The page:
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Skipping of Exon 1 in the KCNQ1 gene causes Jervell and Lange-Nielsen syndrome.

Joerg Zehelein, Sven Kathoefer, Markus Khalil, Markus Alter, Dierk Thomas, Konrad Brockmeier, Herbert E Ulmer, Hugo A Katus, Michael Koenen

J. Biol. Chem., 2006 Nov 17 , 281, 35397-403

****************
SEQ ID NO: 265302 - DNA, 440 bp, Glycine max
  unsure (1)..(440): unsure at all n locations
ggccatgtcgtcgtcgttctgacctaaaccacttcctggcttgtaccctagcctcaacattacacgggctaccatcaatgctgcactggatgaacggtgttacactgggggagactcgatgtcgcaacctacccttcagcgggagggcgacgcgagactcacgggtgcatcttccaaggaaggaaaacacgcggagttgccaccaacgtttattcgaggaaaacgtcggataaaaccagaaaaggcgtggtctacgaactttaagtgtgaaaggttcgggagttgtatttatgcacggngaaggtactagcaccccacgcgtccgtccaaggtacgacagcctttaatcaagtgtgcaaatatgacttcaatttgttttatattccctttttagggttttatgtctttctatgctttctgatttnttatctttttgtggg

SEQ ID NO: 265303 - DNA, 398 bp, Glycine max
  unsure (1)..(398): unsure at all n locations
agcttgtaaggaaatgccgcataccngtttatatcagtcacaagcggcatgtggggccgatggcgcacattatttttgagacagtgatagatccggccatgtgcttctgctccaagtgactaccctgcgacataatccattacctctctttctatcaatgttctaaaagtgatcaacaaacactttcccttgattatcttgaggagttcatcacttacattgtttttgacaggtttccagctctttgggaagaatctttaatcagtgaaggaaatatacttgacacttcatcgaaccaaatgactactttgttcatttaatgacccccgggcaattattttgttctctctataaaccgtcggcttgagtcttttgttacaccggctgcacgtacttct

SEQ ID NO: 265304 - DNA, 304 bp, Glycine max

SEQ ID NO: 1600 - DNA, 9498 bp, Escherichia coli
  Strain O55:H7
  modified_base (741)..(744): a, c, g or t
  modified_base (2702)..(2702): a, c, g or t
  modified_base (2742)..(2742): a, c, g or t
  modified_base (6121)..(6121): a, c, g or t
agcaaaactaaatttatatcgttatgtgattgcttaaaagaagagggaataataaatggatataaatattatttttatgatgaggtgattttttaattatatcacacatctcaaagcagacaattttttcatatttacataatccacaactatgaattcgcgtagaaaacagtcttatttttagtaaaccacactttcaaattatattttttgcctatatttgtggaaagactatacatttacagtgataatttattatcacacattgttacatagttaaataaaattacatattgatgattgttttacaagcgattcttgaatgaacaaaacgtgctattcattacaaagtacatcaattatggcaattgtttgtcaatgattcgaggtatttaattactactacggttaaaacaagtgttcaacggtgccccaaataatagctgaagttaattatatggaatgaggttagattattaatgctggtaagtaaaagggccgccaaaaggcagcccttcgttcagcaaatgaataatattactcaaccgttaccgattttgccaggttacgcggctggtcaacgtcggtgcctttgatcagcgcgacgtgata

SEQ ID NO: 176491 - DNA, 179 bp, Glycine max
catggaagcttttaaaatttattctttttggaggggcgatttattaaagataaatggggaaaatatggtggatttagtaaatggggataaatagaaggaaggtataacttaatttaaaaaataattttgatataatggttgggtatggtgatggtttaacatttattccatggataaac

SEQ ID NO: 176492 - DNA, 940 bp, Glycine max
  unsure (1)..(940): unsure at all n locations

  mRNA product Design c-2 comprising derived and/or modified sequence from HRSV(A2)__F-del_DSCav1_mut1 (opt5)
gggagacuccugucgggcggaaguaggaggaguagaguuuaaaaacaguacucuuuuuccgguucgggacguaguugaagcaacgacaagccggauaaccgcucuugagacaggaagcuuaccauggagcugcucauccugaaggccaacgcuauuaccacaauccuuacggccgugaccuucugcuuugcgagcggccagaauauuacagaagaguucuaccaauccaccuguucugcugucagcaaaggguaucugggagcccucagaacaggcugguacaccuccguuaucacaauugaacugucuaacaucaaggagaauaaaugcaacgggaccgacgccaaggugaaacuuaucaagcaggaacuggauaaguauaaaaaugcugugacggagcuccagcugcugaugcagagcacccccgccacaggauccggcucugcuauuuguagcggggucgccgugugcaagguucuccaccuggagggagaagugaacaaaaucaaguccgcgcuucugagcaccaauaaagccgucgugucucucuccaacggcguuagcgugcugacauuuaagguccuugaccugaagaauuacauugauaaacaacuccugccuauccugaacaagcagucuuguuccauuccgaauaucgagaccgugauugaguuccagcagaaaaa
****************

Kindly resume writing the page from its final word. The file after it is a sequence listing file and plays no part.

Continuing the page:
The Jervell and Lange-Nielsen syndrome (JLNS) is a rare autosomal recessive form of the long QT syndrome linked with a profound hearing loss caused by mutations affecting both alleles of either the KCNQ1 or the KCNE1 gene. We carried out a mutant screening of the KCNQ1 and KCNE1 genes in a clinical diagnosed German family with JLNS. Family members were examined by single strand conformation polymorphism analysis and PCR and amplified products were characterized by DNA sequence analysis. We identified a splice donor mutation of exon 1 in the KCNQ1 gene (G477+1A). Analysis of lymphocyte RNA by RT-PCR revealed that two symptomatic patients, homozygous for the mutant allele, exclusively produce KCNQ1 transcripts lacking exon 1 leading to a frameshift that introduced a premature termination codon at exon 4. Mutant subunits, functionally characterized in Xenpous oocytes, were unable to form homomeric channels but strongly reduced IKs (slowly activating delayed rectifier potassium current) in vitro (mutant isoforms 1 and 2 by 62 and 86%, respectively), a fact supposed to lead to severely affected heterozygous individuals. However, individuals heterozygous for the mutant allele exhibit an asymptomatic cardiac phenotype. Thus, the observed dominant-negative effect of mutant subunits in vitro is absent in vivo leaving heterozygous individuals unaffected. These data suggest mechanisms that prevent production of truncated KCNQ1 channel subunits in cardiomyocytes of individuals heterozygous for the mutant allele.